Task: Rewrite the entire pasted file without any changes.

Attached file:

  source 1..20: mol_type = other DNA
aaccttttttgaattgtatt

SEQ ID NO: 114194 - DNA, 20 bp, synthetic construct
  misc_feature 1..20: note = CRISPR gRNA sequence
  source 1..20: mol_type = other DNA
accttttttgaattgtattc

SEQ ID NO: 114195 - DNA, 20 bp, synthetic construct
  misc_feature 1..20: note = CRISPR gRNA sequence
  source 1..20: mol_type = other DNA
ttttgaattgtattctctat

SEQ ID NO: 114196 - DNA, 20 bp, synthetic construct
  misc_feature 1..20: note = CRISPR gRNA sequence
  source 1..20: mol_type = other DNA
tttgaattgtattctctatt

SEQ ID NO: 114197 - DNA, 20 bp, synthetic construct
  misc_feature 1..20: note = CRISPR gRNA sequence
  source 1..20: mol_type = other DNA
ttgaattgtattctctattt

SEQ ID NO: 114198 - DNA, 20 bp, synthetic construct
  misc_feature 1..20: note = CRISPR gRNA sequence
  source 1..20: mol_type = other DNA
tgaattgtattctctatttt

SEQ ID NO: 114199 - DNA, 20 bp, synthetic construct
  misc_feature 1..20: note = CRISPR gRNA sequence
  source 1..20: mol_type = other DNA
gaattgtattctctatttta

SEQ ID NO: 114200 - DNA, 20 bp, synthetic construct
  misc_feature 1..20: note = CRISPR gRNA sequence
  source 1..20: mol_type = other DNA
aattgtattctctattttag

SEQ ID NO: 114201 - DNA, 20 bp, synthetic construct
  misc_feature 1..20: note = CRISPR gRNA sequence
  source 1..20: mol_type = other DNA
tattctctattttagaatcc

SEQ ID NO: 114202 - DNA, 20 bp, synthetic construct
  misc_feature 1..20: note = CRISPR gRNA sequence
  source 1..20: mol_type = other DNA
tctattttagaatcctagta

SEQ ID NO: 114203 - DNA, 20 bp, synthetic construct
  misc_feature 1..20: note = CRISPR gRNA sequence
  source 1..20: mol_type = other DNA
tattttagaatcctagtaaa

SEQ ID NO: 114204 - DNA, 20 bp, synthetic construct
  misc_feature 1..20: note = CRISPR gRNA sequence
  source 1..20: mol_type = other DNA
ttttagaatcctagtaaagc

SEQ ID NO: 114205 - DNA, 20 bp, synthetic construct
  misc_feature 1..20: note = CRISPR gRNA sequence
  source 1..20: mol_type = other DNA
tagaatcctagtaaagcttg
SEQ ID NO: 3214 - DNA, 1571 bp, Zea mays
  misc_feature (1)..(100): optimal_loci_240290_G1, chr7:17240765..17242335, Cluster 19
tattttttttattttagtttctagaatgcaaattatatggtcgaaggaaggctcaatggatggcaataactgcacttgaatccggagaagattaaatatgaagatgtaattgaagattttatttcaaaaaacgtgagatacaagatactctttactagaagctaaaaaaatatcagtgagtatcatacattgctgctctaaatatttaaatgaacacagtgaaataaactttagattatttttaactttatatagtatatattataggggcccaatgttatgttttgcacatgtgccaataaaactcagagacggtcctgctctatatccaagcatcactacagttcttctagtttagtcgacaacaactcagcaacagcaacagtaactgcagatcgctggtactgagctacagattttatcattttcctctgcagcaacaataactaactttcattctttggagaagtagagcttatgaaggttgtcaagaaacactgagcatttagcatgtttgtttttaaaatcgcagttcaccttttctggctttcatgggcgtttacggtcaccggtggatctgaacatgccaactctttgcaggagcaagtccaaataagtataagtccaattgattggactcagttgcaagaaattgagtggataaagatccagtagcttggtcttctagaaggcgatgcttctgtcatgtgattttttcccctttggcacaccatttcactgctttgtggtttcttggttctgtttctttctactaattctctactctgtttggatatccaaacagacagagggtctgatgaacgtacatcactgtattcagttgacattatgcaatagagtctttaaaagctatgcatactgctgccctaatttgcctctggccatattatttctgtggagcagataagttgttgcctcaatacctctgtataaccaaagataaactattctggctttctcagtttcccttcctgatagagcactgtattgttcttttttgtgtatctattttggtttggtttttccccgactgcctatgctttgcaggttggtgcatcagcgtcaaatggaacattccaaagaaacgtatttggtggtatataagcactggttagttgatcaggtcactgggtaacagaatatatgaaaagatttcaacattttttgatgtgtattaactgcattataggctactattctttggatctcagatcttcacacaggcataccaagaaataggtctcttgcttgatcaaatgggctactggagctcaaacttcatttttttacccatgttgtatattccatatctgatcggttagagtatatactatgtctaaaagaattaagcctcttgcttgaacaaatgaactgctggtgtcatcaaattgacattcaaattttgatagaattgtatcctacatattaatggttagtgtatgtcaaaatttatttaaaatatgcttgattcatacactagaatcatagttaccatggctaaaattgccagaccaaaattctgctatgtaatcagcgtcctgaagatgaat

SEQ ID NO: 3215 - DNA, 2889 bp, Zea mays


  source 1..20: mol_type = other DNA
aaccttttttgaattgtatt

SEQ ID NO: 114194 - DNA, 20 bp, synthetic construct
  misc_feature 1..20: note = CRISPR gRNA sequence
  source 1..20: mol_type = other DNA
accttttttgaattgtattc

SEQ ID NO: 114195 - DNA, 20 bp, synthetic construct
  misc_feature 1..20: note = CRISPR gRNA sequence
  source 1..20: mol_type = other DNA
ttttgaattgtattctctat

SEQ ID NO: 114196 - DNA, 20 bp, synthetic construct
  misc_feature 1..20: note = CRISPR gRNA sequence
  source 1..20: mol_type = other DNA
tttgaattgtattctctatt

SEQ ID NO: 114197 - DNA, 20 bp, synthetic construct
  misc_feature 1..20: note = CRISPR gRNA sequence
  source 1..20: mol_type = other DNA
ttgaattgtattctctattt

SEQ ID NO: 114198 - DNA, 20 bp, synthetic construct
  misc_feature 1..20: note = CRISPR gRNA sequence
  source 1..20: mol_type = other DNA
tgaattgtattctctatttt

SEQ ID NO: 114199 - DNA, 20 bp, synthetic construct
  misc_feature 1..20: note = CRISPR gRNA sequence
  source 1..20: mol_type = other DNA
gaattgtattctctatttta

SEQ ID NO: 114200 - DNA, 20 bp, synthetic construct
  misc_feature 1..20: note = CRISPR gRNA sequence
  source 1..20: mol_type = other DNA
aattgtattctctattttag

SEQ ID NO: 114201 - DNA, 20 bp, synthetic construct
  misc_feature 1..20: note = CRISPR gRNA sequence
  source 1..20: mol_type = other DNA
tattctctattttagaatcc

SEQ ID NO: 114202 - DNA, 20 bp, synthetic construct
  misc_feature 1..20: note = CRISPR gRNA sequence
  source 1..20: mol_type = other DNA
tctattttagaatcctagta

SEQ ID NO: 114203 - DNA, 20 bp, synthetic construct
  misc_feature 1..20: note = CRISPR gRNA sequence
  source 1..20: mol_type = other DNA
tattttagaatcctagtaaa

SEQ ID NO: 114204 - DNA, 20 bp, synthetic construct
  misc_feature 1..20: note = CRISPR gRNA sequence
  source 1..20: mol_type = other DNA
ttttagaatcctagtaaagc

SEQ ID NO: 114205 - DNA, 20 bp, synthetic construct
  misc_feature 1..20: note = CRISPR gRNA sequence
  source 1..20: mol_type = other DNA
tagaatcctagtaaagcttg
SEQ ID NO: 3214 - DNA, 1571 bp, Zea mays
  misc_feature (1)..(100): optimal_loci_240290_G1, chr7:17240765..17242335, Cluster 19
tattttttttattttagtttctagaatgcaaattatatggtcgaaggaaggctcaatggatggcaataactgcacttgaatccggagaagattaaatatgaagatgtaattgaagattttatttcaaaaaacgtgagatacaagatactctttactagaagctaaaaaaatatcagtgagtatcatacattgctgctctaaatatttaaatgaacacagtgaaataaactttagattatttttaactttatatagtatatattataggggcccaatgttatgttttgcacatgtgccaataaaactcagagacggtcctgctctatatccaagcatcactacagttcttctagtttagtcgacaacaactcagcaacagcaacagtaactgcagatcgctggtactgagctacagattttatcattttcctctgcagcaacaataactaactttcattctttggagaagtagagcttatgaaggttgtcaagaaacactgagcatttagcatgtttgtttttaaaatcgcagttcaccttttctggctttcatgggcgtttacggtcaccggtggatctgaacatgccaactctttgcaggagcaagtccaaataagtataagtccaattgattggactcagttgcaagaaattgagtggataaagatccagtagcttggtcttctagaaggcgatgcttctgtcatgtgattttttcccctttggcacaccatttcactgctttgtggtttcttggttctgtttctttctactaattctctactctgtttggatatccaaacagacagagggtctgatgaacgtacatcactgtattcagttgacattatgcaatagagtctttaaaagctatgcatactgctgccctaatttgcctctggccatattatttctgtggagcagataagttgttgcctcaatacctctgtataaccaaagataaactattctggctttctcagtttcccttcctgatagagcactgtattgttcttttttgtgtatctattttggtttggtttttccccgactgcctatgctttgcaggttggtgcatcagcgtcaaatggaacattccaaagaaacgtatttggtggtatataagcactggttagttgatcaggtcactgggtaacagaatatatgaaaagatttcaacattttttgatgtgtattaactgcattataggctactattctttggatctcagatcttcacacaggcataccaagaaataggtctcttgcttgatcaaatgggctactggagctcaaacttcatttttttacccatgttgtatattccatatctgatcggttagagtatatactatgtctaaaagaattaagcctcttgcttgaacaaatgaactgctggtgtcatcaaattgacattcaaattttgatagaattgtatcctacatattaatggttagtgtatgtcaaaatttatttaaaatatgcttgattcatacactagaatcatagttaccatggctaaaattgccagaccaaaattctgctatgtaatcagcgtcctgaagatgaat

SEQ ID NO: 3215 - DNA, 2889 bp, Zea mays